And then it was back on the bus and heading north a few stops away to Ba Le (1426 South Atlantic Boulevard) in Alhambra, a no-nonsense Vietnamese bánh mì shop whose one nod to pretension was the Eiffel Tower silhouette featured in the lettering above the storefront.
“This place is really close to my heart because I’ve been coming here probably for 15 years,” said Cabral, who has never written about Ba Le because he didn’t want people finding it. He said that in high school, he would head there after school and “stuff myself with $2 bánh mì” made with homemade bread, mayonnaise, and charcuterie. “Not many places make their own mayonnaise,” said Cabral. “It’s pretty hardcore.”
Bánh mì have become a hot item today, with trucks across the city peddling more effete versions. At Ba Le, the sandwiches are a bit more expensive than they used to be (now they’ll run a hungry high school student $3-$3.50), but the place remains “really old-school,” said Cabral.
Participants enjoyed an assortment of sandwiches with meatball, barbecued pork, barbecued beef, and cold cut fillings along with passion fruit juice. One participant was overheard saying that if she were ever going to give up meat, she wouldn’t give up the pork at Ba Le.
“I love the fresh sandwiches and bread here,” said Liza Tucker, who was not only eating her first Ba Le bánh mì, but was also riding the bus in L.A. for the very first time. “It was quite comfortable, it was cool enough, and I rather enjoyed it,” she said.
“This is such a fun way to get to know L.A.,” said Joanne Kim, who lives in Koreatown. “I don’t come out to the SGV very often. This was such an eye-opener for me.” She was already plotting a return trip.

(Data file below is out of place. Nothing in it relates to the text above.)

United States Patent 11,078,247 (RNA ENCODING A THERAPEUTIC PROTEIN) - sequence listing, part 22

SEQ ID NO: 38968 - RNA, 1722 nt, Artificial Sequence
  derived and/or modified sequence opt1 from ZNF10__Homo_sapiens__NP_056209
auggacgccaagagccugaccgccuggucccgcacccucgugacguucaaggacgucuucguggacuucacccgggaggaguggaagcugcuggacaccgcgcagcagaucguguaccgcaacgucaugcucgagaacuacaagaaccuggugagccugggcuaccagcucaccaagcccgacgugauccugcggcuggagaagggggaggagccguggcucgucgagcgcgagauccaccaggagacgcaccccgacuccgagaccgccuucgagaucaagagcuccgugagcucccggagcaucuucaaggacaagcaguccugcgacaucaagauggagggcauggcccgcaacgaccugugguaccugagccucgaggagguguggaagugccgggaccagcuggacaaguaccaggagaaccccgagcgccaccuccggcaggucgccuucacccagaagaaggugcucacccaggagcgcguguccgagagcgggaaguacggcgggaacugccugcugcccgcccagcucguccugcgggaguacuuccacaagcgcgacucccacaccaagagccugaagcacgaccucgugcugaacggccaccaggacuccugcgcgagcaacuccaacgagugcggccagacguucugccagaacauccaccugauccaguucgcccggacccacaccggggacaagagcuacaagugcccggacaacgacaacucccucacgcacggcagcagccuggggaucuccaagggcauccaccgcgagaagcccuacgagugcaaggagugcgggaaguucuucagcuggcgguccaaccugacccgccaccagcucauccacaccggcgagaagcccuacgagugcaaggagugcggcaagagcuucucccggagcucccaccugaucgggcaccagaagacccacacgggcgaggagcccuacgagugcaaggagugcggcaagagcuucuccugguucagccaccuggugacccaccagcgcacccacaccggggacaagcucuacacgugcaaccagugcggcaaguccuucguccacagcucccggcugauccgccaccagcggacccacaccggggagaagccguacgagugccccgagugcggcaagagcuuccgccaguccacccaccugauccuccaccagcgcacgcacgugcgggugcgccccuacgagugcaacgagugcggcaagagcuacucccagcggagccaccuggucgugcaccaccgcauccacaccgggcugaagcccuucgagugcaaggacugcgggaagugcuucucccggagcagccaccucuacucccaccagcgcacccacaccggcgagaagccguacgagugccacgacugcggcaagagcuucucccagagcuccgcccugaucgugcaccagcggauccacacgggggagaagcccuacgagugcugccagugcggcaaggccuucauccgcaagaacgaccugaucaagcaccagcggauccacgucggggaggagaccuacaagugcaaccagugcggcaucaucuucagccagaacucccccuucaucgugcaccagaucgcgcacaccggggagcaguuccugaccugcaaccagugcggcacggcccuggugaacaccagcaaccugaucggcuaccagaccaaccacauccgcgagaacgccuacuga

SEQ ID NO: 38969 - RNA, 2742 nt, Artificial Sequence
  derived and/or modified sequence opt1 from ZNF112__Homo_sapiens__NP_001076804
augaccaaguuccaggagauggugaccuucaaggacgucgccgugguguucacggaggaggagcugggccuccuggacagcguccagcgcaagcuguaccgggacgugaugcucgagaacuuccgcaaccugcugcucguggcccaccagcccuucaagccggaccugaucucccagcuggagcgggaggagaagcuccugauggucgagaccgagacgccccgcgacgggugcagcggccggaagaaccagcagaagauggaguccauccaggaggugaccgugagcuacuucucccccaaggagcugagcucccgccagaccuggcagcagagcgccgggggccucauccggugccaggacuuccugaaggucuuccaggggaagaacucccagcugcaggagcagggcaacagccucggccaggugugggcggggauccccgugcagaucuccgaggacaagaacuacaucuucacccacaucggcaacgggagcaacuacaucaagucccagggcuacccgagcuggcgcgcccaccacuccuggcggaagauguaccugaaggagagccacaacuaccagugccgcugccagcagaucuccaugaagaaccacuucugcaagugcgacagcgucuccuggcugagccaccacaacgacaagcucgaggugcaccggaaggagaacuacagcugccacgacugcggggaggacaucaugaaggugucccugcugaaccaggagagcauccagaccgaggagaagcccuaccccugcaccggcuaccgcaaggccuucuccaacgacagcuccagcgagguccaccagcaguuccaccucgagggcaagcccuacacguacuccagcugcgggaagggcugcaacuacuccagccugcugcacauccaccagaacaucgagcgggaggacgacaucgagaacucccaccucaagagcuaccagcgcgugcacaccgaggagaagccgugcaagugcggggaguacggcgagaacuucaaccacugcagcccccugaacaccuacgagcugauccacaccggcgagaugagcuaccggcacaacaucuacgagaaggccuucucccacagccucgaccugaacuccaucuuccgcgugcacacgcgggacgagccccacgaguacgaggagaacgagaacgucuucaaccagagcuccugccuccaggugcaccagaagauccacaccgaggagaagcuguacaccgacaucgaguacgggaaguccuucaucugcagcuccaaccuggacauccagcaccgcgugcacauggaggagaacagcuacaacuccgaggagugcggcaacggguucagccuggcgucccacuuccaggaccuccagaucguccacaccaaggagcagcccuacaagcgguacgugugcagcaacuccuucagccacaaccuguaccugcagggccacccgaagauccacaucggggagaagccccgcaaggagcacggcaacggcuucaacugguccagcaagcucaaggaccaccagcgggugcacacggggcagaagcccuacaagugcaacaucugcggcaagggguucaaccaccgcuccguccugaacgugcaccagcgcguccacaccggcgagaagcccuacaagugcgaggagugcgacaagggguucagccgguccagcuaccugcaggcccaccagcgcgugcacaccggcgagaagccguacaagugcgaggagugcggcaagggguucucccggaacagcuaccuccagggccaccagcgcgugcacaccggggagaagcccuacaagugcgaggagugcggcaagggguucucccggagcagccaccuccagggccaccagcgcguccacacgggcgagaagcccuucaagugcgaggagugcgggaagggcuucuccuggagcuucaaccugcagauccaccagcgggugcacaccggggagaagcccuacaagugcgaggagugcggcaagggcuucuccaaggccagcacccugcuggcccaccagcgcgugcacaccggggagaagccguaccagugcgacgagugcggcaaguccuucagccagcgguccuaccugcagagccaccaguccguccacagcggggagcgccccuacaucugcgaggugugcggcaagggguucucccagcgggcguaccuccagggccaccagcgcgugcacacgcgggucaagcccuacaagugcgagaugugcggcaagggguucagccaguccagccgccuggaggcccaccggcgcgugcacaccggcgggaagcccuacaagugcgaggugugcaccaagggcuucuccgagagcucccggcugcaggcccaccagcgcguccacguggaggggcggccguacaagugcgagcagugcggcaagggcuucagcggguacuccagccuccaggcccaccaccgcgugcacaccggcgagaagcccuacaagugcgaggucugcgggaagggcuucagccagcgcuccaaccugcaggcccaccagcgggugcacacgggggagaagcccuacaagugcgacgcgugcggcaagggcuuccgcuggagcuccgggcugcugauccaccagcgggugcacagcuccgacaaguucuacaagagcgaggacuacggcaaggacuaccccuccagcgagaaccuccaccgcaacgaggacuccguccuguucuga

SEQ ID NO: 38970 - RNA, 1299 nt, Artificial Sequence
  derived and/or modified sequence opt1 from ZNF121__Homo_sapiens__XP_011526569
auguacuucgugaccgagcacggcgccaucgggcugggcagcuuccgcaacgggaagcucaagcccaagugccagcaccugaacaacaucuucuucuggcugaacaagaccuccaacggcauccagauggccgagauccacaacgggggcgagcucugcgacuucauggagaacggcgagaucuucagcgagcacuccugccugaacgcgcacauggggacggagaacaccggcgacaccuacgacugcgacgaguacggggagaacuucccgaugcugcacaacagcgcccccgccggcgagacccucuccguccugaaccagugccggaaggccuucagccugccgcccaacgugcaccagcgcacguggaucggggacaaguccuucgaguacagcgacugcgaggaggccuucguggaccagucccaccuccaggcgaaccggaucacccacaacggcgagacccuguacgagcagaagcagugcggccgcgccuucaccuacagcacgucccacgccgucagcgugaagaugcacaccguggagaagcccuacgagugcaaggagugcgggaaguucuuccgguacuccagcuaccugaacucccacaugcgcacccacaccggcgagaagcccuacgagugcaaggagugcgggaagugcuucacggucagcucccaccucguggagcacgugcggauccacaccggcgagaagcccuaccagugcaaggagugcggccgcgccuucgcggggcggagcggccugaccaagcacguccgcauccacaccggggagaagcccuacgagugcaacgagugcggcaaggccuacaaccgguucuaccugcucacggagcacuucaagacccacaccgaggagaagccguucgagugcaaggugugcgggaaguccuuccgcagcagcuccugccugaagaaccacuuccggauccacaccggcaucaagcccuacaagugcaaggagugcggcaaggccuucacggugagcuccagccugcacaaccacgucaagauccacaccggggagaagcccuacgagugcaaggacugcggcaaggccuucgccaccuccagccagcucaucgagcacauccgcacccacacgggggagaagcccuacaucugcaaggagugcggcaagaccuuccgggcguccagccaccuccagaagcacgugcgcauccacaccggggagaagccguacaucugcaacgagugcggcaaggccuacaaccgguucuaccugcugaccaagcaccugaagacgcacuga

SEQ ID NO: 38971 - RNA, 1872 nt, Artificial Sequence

And then it was back to the welcomed air conditioning of the 260 and the final destination of the afternoon—dessert at Blockheads Shavery (61 South Fair Oaks Avenue) in Pasadena. Down a small alley off a main drag in Old Town, this location of Blockheads opened four months ago, joining West L.A. and Alhambra stores.
“We chose this place for dessert because this is a unique creation,” said Cabral. “It’s not quite ice cream and not quite Hawaiian-style shave ice. It’s its own thing.”
Blockheads owner Evan Lew called it “snow cream,” and explained that all Blockheads’ ices and toppings are made from scratch, and detailed how delicate shavings of ice are carved off blocks to form light, fluffy, snow-like shavings. Participants enjoyed original (lightly sweetened milk), green tea, black sesame, chocolate malt, and cantaloupe flavors of ice topped with everything from cereal and cookies & cream to lychee and mochi.
Participants agreed that they couldn’t eat another bite, but that they would be back to the places they had been—and on the bus, too.
“I loved riding the bus. It puts you more in contact with what’s going on, and it gets you out of your silo in the car,” said Diego Guerrero, who grew up riding Metro but hadn’t been on public transportation recently. He said that he appreciated the “holistic” nature of the tour. “It’s not just about food or Metro,” he said, but about “pushing your boundaries of what you believe to be the city of L.A.”